|A New Direction|
|HAL Laboratory: Company Profile||Page 2|
HAL was originally very business orientated; it was capable of publishing and marketing its own games in Japan and America. HAL America was its publishing arm for the North American market. The company was located in Oregon and published games under the slogan "The Funatic Specialists." Despite HAL's independence, it would still occasionally partner with other publishers for game software including Seikaromox, Sony and sure enough, Nintendo.
"Perhaps the biggest moment in the history of HAL came when we heard the rumor that Nintendo was developing a machine capable of incredible new graphics: The Famicom, or NES, as it was called here in the States," recalls Satoru Iwata. "We knew that this machine was for us. So we used every contact we could to get a meeting with Nintendo, sure that one of our ideas would become an instant hit. Yes, Nintendo did hire us, but not to amaze the world with one of our projects. Instead, they told us to fix one of their projects, a game that had fallen seriously behind schedule. Instead of creating a game, we repaired a game, and it was eventually released as NES Pinball."
After NES Pinball, Nintendo and HAL Labs started collaborating on additional projects in the form of Kirby and Earthbound (Mother 2 in Japan).
"Well, our work was satisfactory enough that we formed a close association with Nintendo. And as HAL invented a couple of early franchises, we also learned other lessons. Our first Kirby game taught us the value of teamwork. Since not everybody can be a Miyamoto, we discovered that ideas can come from several team members, building on each other, to make something superior to what one person could invent. Then we worked with the famous Japanese creator Shigesato Itoi, who was already an avid gamer himself, to develop his first idea for a game. That series, called Mother in Japan and released in America as Earthbound, proved to us that ideas take on a special appeal when they become interactive."
After the intial collaboration with Nintendo on NES Pinball in 1984, the relationship continued into April 1992 with the landmark release of Kirby's Dream Land for the original Game Boy.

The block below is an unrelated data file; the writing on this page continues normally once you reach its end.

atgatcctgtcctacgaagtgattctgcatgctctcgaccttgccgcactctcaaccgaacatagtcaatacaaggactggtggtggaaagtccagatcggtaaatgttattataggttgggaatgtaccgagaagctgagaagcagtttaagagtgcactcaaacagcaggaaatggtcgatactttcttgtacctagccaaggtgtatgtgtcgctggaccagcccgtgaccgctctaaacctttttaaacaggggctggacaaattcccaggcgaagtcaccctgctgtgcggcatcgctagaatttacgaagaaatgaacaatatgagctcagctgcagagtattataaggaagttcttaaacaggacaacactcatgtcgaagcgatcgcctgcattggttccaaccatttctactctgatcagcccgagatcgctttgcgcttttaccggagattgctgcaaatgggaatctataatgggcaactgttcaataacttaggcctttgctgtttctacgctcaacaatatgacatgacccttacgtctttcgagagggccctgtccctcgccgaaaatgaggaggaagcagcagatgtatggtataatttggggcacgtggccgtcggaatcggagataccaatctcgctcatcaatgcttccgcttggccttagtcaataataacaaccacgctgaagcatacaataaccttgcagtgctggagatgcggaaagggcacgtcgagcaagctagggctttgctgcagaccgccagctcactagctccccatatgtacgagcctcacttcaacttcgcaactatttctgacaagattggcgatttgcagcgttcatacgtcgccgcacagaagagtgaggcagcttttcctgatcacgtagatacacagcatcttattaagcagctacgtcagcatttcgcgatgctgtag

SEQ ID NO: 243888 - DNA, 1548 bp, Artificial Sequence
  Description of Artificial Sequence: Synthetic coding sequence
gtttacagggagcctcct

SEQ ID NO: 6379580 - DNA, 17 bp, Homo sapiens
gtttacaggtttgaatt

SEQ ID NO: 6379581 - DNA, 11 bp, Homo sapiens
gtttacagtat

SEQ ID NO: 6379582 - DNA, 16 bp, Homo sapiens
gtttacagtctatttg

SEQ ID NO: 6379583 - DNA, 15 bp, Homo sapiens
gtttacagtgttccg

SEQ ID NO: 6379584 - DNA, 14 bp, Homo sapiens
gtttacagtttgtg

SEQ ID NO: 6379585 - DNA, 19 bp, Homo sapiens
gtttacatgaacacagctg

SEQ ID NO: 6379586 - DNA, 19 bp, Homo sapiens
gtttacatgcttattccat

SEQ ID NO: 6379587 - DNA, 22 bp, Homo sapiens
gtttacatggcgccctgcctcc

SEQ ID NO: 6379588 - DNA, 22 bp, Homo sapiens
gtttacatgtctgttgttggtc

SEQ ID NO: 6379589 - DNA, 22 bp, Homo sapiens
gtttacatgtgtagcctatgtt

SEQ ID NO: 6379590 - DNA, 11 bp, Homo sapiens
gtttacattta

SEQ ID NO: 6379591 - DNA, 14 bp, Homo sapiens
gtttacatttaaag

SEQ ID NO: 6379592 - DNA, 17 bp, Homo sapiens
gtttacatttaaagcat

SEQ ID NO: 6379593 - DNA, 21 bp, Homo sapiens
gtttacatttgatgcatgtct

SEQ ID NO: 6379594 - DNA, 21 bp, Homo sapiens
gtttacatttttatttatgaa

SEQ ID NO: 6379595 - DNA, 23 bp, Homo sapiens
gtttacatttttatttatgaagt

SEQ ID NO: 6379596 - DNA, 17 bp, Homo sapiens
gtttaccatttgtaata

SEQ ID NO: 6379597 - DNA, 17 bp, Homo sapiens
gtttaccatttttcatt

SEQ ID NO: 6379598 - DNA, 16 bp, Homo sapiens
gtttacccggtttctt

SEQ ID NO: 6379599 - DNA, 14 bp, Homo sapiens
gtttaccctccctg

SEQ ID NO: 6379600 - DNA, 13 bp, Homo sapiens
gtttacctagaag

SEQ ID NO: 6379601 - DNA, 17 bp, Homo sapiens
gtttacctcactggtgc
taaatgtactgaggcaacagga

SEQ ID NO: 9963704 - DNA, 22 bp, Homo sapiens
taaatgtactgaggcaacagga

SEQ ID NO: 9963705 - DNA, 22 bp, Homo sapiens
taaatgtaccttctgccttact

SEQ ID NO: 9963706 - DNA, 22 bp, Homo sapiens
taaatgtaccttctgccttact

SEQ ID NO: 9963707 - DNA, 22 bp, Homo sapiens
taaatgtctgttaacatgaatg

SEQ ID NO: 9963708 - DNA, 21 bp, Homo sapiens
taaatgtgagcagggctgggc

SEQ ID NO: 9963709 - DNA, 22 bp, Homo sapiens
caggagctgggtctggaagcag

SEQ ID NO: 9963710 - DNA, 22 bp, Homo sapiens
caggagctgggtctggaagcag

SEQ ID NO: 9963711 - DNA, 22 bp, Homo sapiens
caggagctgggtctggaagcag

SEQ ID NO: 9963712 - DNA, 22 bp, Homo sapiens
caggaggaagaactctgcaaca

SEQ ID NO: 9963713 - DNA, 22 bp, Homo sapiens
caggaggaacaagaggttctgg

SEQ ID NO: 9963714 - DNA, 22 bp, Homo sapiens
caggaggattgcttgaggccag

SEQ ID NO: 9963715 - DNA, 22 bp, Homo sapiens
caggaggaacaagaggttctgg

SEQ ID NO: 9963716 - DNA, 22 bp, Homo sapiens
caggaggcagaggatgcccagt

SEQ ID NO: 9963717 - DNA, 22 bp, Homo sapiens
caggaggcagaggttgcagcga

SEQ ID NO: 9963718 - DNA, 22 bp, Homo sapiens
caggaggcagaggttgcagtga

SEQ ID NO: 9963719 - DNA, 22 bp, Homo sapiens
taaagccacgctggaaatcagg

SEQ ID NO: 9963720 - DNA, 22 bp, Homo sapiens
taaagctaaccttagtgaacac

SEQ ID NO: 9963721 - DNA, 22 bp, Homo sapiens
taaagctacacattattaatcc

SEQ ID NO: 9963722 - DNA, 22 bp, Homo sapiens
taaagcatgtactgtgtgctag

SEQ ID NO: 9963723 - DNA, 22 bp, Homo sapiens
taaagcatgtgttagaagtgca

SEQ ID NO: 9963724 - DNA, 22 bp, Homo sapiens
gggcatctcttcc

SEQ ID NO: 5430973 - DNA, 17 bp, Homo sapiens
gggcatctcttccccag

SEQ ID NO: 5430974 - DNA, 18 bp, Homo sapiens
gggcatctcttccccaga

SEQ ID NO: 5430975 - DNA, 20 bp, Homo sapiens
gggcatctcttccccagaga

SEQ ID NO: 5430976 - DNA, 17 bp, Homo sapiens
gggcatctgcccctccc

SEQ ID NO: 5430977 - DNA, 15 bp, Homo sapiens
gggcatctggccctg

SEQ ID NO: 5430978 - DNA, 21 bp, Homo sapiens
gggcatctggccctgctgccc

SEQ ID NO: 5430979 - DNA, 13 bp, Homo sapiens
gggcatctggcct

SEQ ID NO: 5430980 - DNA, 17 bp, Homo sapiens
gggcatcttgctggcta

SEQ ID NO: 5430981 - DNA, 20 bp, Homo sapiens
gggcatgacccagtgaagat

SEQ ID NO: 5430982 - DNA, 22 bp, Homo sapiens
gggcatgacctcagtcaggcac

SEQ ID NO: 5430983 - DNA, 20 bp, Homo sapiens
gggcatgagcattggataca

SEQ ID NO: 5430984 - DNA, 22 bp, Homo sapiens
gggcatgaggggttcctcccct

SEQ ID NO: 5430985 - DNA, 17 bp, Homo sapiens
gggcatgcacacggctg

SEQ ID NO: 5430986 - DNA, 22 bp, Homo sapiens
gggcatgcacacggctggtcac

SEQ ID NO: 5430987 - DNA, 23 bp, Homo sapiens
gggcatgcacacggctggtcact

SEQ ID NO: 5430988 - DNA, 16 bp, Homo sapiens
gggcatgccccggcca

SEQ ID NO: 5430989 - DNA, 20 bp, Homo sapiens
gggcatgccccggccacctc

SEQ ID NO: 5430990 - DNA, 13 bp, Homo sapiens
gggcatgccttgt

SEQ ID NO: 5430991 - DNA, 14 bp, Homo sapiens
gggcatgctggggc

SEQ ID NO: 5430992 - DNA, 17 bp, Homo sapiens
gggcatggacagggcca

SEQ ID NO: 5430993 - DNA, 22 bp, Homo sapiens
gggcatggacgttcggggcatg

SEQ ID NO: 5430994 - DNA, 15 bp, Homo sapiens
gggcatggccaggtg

On a tiny star somewhere far, far away, there is a mystical place known as Dream Land. The Dream Landers were a very happy people who used their magical sparkling stars to play and work among the heavens. Then, one dark night the gluttonous King DeDeDe and his rotten band of thieves swooped down from neighboring Mt. DeDeDe and stole all the Dream Landers' food and trasured Sparkling Stars. The Dream Landers began to starve since they no longer had the help of the Sparkling Stars to gather food. Suddenly a spry little boy named Kirby happened along. "Don't worry, I'll get your food and your Sparkling Stars back," he said and set off on his quest toward the dreaded Mt. DeDeDe. It was a standard, perhaps generic story for its time, however it was the game's gameplay that made Kirby so unique. Kirby could inhale enemies and items to utilize special abilities or spit them out to perform an aerial attack. Meanwhile, consuming air allowed Kirby's lighter than air attitude to fly through the skies for a short period of time.
Yamauchi and Nintendo were thoroughly impressed with the Kirby game as well as the talent at HAL. So much so that HAL immediately got to work on Kirby's Adventure, a version for the NES home console. HAL appeared to be doing exceptionally well. With its growing success, the company decided to expand its development studio with the construction of a brand new building to house its operations.
Suddenly HAL was struck with over 5 billion yen (about $45 million) in debt. Unfortunately, the publishing/marketing/distribution business is a tumultuous industry to be in and HAL didn't expect things to go bad so quickly. Games HAL had expected to sell moderately, sold far below expectations. The main reason for the debt however, was its own expansion efforts. HAL had just completed construction of a new state-of-the-art building in Yamanashi in April, 1991.
HAL had run out of financing for both its games and its games studios. HAL was faced with no other choice but to approach Nintendo president Hiroshi Yamauchi in desperate need of help on June 22, 1992. Shortly thereafter, Nintendo announced it would support and fund the company so that HAL would continue to develop games exclusively for Nintendo. Nintendo held out its hand to HAL, lifting the company out of a black hole. From then on, the two companies' futures -- the smiles and the frowns -- would be one experienced side by side.
This partnership also alleviated the burdensome need for HAL to publish and market its titles in the worldwide market. Nintendo was far more successful in that area and would thus publish all future HAL titles. Yamauchi believed in the magic at HAL. He said at the time, "Here's a group of talented people, who've melded perfectly together; this group excels in the ability to create innovative software." HAL's relationship with Nintendo would continue to blossom throughout the years that followed. Since then, HAL has lavished in the funding, marketing, and resources of Nintendo Co., Ltd. and helps Nintendo live up to its quality software mantra.